Fractured porcelain on this restoration necessitates removal and possible repair
If the crown can be predictably, temporarily cemented in a manner that allows for retrieval, there is no issue. However, most US dental schools surveyed in 2010 were found to cement the implant restoration definitively, with the result that when the crown needs to be removed, this may be difficult, if not impossible, to accomplish. The only solution left is to evaluate the screw access site, cut into the crown, and locate the abutment screw.
Current Methods of Recording the Implant Screw Access Site
The need to evaluate the location of the underlying screw access site has led to the development of several techniques. However, all of these (described below) have deficiencies associated with them. They all require some level of guesswork, which may result in excessive destruction of the restoration, damage to the abutment, and, in some instances, destruction to the implant itself (Fig. 9.2). Most are also considered time consuming, due to the lack of three-dimensional information given.
The restoration has been removed. The underlying abutment is damaged by overpreparation of the screw access hole. The abutment required replacement, needlessly increasing the cost of the replacement restoration
The point of entry for the drill must be assessed by one of the following:
Arbitrarily, that is, guesstimate. The crown provides little, if any, clue as to where the screw channel lies or even the extent and the form of the supporting abutment (Fig. 9.3).
(a) Initial access to the screw channel is determined by “best guess” of the site and angulation. (b) Often a large area is involved. (c) More extensive destruction of the crown frequently occurs
Evaluating a radiograph of the site—a technique frequently employed when accessing a pulp chamber in a natural tooth during endodontic therapy. This may provide approximate information as to mesial-distal location of the implant and may provide clues to the shape of the abutment if the crown is not extensively radiopaque (Figs. 9.4 and 9.5).
Radiograph provides some information as to the long axis of the implant in the mesial-distal dimension but no indication of abutment form or position
Radiograph also gives information on the supporting abutment due to radiolucent ceramic crown
Pre-cementation photographic documentation—giving a two-dimensional picture of a 3D site (Fig. 9.6a–c).
(a, b) Pre-cementation photographic documentation of the site. When the crown is seated, the mark on the photograph (c) indicates the position of the screw access channel
Have the dental laboratory tattoo on the crown. However, the patient may object, especially in the anterior (Fig. 9.7).
A tattoo placed during fabrication marks the site of the screw channel. Patients may object; it has limited use in esthetic sites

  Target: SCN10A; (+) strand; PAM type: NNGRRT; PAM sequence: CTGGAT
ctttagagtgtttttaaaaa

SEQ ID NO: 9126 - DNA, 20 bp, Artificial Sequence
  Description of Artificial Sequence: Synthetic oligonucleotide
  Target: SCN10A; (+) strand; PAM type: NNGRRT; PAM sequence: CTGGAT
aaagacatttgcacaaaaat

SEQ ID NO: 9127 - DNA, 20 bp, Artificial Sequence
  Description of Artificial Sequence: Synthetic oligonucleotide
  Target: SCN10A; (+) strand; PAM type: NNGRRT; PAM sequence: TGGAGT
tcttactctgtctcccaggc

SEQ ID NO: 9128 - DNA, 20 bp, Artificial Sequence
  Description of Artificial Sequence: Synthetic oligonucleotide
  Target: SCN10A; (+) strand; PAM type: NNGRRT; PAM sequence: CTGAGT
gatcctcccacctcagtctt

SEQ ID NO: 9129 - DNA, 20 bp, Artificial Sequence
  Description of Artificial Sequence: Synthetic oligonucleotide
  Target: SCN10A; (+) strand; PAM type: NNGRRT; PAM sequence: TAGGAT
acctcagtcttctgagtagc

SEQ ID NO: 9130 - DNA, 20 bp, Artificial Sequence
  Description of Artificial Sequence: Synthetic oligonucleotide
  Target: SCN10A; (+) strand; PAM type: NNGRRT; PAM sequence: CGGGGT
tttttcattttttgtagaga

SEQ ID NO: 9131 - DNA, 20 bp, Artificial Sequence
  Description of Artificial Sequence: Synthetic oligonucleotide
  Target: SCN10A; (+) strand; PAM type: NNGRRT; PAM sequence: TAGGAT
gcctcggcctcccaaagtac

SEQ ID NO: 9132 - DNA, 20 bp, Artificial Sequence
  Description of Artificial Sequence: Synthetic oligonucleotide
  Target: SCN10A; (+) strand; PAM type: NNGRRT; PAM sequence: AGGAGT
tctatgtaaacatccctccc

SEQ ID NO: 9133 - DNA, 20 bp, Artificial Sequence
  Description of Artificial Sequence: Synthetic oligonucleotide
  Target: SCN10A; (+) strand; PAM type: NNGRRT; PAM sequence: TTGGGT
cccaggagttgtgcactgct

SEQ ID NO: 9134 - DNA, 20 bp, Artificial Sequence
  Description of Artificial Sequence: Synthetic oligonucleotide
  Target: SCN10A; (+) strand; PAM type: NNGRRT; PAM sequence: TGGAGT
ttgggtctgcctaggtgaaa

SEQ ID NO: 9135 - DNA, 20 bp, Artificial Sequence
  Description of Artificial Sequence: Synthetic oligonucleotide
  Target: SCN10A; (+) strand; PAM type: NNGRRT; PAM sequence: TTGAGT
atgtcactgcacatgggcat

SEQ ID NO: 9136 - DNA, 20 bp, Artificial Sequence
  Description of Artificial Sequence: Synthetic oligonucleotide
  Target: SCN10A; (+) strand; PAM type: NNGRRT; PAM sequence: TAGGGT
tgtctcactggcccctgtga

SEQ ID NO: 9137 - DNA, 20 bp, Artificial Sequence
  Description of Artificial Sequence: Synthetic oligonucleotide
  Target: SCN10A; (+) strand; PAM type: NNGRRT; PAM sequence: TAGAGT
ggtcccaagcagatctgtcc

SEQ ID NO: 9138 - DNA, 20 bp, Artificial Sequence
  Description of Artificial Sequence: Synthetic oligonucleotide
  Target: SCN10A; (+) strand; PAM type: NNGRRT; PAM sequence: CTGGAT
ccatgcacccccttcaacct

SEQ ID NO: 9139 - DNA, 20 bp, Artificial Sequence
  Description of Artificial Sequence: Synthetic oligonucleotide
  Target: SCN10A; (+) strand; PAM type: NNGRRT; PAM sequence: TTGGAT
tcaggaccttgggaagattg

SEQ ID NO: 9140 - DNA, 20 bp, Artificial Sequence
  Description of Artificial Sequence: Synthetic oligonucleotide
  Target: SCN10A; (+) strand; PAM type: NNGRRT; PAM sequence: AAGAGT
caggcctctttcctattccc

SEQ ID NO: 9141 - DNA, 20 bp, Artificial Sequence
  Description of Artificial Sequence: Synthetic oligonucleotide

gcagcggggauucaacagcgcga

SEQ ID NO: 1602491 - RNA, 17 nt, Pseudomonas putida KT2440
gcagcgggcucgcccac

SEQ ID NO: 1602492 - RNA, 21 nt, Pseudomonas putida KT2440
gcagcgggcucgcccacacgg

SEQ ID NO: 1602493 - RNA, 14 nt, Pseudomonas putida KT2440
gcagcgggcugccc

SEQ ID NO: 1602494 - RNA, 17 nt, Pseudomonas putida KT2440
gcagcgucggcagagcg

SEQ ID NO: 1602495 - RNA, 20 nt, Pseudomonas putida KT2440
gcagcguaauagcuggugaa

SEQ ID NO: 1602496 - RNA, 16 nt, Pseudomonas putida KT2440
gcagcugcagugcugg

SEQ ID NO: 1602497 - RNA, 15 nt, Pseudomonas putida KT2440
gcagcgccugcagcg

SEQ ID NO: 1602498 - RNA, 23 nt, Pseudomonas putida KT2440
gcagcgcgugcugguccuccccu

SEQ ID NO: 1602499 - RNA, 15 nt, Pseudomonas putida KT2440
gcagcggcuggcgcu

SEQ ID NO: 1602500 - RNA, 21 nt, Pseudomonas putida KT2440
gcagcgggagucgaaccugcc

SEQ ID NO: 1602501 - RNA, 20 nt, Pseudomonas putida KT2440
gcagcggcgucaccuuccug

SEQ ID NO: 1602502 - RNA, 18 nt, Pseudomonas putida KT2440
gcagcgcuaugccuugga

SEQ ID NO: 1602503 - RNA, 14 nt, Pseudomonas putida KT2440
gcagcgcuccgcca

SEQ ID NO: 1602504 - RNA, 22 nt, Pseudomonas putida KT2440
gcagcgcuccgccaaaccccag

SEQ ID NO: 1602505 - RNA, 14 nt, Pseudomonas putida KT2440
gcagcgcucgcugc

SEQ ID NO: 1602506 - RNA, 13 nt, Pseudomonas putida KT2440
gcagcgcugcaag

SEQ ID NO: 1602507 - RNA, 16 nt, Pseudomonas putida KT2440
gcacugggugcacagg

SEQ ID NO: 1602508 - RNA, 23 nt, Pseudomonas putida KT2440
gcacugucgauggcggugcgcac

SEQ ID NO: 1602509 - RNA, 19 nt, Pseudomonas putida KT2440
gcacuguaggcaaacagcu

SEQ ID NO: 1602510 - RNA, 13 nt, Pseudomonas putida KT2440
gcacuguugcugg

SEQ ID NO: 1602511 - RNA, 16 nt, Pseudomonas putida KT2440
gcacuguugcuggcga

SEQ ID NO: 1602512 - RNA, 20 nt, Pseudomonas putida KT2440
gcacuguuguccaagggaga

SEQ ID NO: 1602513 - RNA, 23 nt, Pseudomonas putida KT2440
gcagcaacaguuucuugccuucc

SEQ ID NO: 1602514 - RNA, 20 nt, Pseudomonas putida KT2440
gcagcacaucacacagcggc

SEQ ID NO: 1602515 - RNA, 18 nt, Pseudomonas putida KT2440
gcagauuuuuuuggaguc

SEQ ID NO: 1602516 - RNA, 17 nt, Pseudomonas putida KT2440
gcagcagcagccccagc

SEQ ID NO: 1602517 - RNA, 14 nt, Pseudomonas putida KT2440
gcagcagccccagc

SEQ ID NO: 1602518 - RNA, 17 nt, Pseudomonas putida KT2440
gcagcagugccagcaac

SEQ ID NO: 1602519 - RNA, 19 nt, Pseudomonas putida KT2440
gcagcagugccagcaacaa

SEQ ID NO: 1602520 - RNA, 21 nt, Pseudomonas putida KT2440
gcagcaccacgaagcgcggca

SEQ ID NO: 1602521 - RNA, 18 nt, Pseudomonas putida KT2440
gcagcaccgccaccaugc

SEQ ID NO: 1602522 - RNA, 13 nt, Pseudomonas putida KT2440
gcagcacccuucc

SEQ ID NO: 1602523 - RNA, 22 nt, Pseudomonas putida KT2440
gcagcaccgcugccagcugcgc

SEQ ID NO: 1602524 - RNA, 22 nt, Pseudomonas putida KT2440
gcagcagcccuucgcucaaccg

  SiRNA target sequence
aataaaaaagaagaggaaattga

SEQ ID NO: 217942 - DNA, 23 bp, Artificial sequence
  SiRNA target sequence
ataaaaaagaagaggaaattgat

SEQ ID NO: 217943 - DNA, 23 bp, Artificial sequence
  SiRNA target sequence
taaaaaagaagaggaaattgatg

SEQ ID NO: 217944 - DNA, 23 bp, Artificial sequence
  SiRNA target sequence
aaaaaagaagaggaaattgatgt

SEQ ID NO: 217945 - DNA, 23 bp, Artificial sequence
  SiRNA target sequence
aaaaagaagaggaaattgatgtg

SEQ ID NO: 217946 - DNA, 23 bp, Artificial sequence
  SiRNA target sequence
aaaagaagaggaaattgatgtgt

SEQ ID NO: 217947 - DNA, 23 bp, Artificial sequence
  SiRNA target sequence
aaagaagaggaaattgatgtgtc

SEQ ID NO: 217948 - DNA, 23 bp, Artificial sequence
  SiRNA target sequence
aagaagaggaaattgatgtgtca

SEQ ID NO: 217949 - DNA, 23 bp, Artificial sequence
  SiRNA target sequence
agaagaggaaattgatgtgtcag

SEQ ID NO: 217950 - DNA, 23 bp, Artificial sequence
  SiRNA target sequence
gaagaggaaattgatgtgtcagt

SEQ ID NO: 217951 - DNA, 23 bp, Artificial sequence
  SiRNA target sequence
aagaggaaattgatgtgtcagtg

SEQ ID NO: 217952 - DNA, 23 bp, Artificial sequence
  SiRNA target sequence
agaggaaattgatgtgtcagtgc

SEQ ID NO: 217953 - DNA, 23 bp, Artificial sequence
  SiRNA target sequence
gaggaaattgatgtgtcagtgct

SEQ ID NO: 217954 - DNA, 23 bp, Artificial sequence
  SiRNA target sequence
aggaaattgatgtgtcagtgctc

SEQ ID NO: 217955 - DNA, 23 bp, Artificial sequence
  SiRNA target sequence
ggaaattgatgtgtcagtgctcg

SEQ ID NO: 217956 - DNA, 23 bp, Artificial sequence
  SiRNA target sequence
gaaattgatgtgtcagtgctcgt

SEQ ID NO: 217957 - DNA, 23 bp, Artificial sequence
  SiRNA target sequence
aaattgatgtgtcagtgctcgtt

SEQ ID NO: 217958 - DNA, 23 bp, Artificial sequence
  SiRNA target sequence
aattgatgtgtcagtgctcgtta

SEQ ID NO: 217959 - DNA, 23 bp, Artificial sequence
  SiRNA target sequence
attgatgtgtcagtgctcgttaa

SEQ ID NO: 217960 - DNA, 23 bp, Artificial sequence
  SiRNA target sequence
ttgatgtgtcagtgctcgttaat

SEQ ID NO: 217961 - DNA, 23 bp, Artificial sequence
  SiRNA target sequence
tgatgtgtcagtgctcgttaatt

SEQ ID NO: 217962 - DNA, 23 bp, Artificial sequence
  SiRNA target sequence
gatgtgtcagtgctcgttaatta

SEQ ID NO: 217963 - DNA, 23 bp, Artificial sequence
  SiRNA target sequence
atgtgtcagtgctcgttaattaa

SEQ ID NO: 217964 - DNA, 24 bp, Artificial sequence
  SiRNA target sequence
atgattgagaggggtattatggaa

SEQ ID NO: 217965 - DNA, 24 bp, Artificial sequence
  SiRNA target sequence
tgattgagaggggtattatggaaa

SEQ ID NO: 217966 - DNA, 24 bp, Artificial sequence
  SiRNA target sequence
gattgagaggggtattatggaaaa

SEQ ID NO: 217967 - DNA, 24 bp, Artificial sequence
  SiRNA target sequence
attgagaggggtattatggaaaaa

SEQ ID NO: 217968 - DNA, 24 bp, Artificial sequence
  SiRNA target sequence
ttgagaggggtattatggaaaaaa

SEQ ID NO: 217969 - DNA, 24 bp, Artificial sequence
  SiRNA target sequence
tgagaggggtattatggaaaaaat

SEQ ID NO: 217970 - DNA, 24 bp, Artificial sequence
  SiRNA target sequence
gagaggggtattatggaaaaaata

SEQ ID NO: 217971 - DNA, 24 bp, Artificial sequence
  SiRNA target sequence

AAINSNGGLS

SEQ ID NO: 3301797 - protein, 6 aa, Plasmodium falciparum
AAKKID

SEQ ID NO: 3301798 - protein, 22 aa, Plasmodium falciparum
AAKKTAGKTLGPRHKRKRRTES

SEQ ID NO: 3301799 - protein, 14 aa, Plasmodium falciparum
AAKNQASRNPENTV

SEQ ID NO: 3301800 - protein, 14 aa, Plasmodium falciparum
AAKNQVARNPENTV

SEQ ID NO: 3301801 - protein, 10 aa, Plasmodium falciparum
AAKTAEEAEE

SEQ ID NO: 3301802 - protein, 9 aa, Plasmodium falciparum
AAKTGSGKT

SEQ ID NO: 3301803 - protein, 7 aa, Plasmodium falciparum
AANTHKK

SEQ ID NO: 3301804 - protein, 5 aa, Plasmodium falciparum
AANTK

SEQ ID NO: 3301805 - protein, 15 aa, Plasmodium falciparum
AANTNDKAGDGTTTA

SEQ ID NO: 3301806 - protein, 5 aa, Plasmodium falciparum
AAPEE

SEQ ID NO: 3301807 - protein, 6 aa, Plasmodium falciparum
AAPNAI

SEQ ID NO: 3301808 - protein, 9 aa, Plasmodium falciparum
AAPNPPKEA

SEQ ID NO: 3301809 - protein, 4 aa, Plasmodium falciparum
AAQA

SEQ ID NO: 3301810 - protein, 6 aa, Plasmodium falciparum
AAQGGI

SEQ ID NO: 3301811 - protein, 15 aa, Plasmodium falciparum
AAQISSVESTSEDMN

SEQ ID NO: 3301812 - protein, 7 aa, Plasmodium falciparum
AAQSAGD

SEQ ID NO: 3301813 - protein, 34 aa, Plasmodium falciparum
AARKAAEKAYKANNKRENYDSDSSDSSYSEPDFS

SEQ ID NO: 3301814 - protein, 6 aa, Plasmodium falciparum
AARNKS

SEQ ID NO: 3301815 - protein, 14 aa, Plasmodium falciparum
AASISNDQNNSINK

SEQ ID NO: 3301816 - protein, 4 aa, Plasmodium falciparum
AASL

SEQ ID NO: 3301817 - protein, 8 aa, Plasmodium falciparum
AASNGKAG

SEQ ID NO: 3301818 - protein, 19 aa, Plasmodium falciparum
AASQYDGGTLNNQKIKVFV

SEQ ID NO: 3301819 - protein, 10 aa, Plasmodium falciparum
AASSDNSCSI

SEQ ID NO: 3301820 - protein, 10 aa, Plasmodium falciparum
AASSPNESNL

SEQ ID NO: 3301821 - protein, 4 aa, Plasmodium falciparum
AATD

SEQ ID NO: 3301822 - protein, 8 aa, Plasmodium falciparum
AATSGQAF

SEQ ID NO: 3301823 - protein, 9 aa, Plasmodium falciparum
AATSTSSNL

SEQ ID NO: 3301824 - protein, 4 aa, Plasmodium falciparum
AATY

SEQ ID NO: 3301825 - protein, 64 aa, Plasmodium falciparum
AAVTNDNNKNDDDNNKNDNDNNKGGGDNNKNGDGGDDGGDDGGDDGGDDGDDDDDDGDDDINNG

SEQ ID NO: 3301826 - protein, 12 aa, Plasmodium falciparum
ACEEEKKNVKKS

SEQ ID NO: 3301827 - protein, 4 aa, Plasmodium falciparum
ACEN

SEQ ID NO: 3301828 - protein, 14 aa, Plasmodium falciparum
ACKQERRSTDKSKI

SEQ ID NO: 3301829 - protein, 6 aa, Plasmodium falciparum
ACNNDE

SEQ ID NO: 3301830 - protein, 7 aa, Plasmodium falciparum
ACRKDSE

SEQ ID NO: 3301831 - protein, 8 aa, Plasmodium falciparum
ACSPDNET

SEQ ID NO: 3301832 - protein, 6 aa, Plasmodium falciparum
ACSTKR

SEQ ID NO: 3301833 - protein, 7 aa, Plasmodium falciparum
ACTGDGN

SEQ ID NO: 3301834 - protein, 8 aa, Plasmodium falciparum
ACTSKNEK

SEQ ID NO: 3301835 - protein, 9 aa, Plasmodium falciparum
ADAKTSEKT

Make putty indexes—find the hole approximate, add wax, then index.
Have the dental laboratory make individual vacuum guides. It requires special materials (vacuum former) and requires a complete cast to fabricate upon. If the adjacent dentition requires any restorative work or if teeth move, then it cannot be modified easily (Fig. 9.8).
(a–c) Vacuum-formed template is marked directly over the access hole site. These marks provide drill hole sites. Once transfered onto the restoration these sites relate to the abutment screw access hole beneath the restoration
Use computer-aided design (CAD) and computer-aided machined (CAM) technology (look at an existing digital image used to design and fabricate the abutment, then guesstimate). Limited to CAD/CAM abutments and crowns that have stored images available.
Use cone-beam computed tomography (CBCT). This exposes the patient to a large amount of radiation (unless it is for some alternative reason) and is costly (Fig. 9.9).
A cone-beam computed image gives some indication of the angulation and position of the implant but still requires the clinician to “superimpose” this information by visual guessing
Novel Use of Readily Available Materials to Locate the Screw Within a Cement-Retained Implant Restoration
What follows is a series of innovative and novel devices that are inexpensive and easily made. They can be fabricated either in the dental laboratory or chairside. The first described uses a paper clip, an implant screwdriver, and bite registration material. They offer many advantages over all other methods as being precise (they are true guides), easy to use, cheap, and can be readily modified if adjacent structures change.
Blu-Mousse® and Paper Clip
Step 1. Start with a sterilized paper clip and bend out an arm to assist holding the clip (Fig. 9.10).Fig. 9.10Sterilized paper clip; one arm is bent out to act as a handle
Step 2. Use a new screw and an unworn driver that fits well within the screwhead. The screwdriver will then be a projection from the long axis of the screw (Fig. 9.11).Fig. 9.11A screwdriver (Straumann) engages the head of an implant screw. Note how the shank of the screwdriver lies in the same long axial planes, acting as an extension of the screw